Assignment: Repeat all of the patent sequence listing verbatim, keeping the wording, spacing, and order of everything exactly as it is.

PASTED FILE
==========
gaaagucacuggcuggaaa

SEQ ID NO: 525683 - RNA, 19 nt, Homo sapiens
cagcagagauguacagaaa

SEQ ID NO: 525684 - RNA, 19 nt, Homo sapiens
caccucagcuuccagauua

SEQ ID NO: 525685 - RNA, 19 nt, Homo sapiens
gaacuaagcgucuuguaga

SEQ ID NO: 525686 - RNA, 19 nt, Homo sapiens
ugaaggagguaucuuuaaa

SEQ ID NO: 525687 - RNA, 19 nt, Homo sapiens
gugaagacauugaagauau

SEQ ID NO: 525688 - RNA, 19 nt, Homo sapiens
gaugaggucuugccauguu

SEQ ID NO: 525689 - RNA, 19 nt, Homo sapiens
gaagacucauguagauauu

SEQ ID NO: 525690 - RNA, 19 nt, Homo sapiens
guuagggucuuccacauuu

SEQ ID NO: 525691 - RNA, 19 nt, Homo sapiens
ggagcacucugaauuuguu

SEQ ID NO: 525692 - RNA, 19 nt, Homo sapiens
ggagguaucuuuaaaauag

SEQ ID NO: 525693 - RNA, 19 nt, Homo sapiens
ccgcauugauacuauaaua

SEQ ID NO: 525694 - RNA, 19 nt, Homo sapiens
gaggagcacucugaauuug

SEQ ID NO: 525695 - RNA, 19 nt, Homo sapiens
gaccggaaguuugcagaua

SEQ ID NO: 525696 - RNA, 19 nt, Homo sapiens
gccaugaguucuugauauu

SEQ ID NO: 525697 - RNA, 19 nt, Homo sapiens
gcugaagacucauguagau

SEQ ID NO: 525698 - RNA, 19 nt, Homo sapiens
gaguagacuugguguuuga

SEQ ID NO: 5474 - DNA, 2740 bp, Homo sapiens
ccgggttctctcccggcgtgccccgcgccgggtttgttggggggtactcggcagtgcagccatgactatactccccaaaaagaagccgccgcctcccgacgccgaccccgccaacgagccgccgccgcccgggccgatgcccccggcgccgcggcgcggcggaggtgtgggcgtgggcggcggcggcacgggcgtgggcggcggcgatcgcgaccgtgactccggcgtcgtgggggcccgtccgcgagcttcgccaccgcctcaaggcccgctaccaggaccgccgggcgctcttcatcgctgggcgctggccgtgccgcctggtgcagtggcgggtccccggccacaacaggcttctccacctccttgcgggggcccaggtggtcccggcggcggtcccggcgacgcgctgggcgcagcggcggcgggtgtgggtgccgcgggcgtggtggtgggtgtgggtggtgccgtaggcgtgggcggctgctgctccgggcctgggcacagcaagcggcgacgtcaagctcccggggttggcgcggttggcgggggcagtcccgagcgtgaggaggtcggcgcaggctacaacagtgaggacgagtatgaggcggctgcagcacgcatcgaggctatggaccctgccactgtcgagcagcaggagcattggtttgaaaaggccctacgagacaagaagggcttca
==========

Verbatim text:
gaaagucacuggcuggaaa

SEQ ID NO: 525683 - RNA, 19 nt, Homo sapiens
cagcagagauguacagaaa

SEQ ID NO: 525684 - RNA, 19 nt, Homo sapiens
caccucagcuuccagauua

SEQ ID NO: 525685 - RNA, 19 nt, Homo sapiens
gaacuaagcgucuuguaga

SEQ ID NO: 525686 - RNA, 19 nt, Homo sapiens
ugaaggagguaucuuuaaa

SEQ ID NO: 525687 - RNA, 19 nt, Homo sapiens
gugaagacauugaagauau

SEQ ID NO: 525688 - RNA, 19 nt, Homo sapiens
gaugaggucuugccauguu

SEQ ID NO: 525689 - RNA, 19 nt, Homo sapiens
gaagacucauguagauauu

SEQ ID NO: 525690 - RNA, 19 nt, Homo sapiens
guuagggucuuccacauuu

SEQ ID NO: 525691 - RNA, 19 nt, Homo sapiens
ggagcacucugaauuuguu

SEQ ID NO: 525692 - RNA, 19 nt, Homo sapiens
ggagguaucuuuaaaauag

SEQ ID NO: 525693 - RNA, 19 nt, Homo sapiens
ccgcauugauacuauaaua

SEQ ID NO: 525694 - RNA, 19 nt, Homo sapiens
gaggagcacucugaauuug

SEQ ID NO: 525695 - RNA, 19 nt, Homo sapiens
gaccggaaguuugcagaua

SEQ ID NO: 525696 - RNA, 19 nt, Homo sapiens
gccaugaguucuugauauu

SEQ ID NO: 525697 - RNA, 19 nt, Homo sapiens
gcugaagacucauguagau

SEQ ID NO: 525698 - RNA, 19 nt, Homo sapiens
gaguagacuugguguuuga

SEQ ID NO: 5474 - DNA, 2740 bp, Homo sapiens
ccgggttctctcccggcgtgccccgcgccgggtttgttggggggtactcggcagtgcagccatgactatactccccaaaaagaagccgccgcctcccgacgccgaccccgccaacgagccgccgccgcccgggccgatgcccccggcgccgcggcgcggcggaggtgtgggcgtgggcggcggcggcacgggcgtgggcggcggcgatcgcgaccgtgactccggcgtcgtgggggcccgtccgcgagcttcgccaccgcctcaaggcccgctaccaggaccgccgggcgctcttcatcgctgggcgctggccgtgccgcctggtgcagtggcgggtccccggccacaacaggcttctccacctccttgcgggggcccaggtggtcccggcggcggtcccggcgacgcgctgggcgcagcggcggcgggtgtgggtgccgcgggcgtggtggtgggtgtgggtggtgccgtaggcgtgggcggctgctgctccgggcctgggcacagcaagcggcgacgtcaagctcccggggttggcgcggttggcgggggcagtcccgagcgtgaggaggtcggcgcaggctacaacagtgaggacgagtatgaggcggctgcagcacgcatcgaggctatggaccctgccactgtcgagcagcaggagcattggtttgaaaaggccctacgagacaagaagggcttca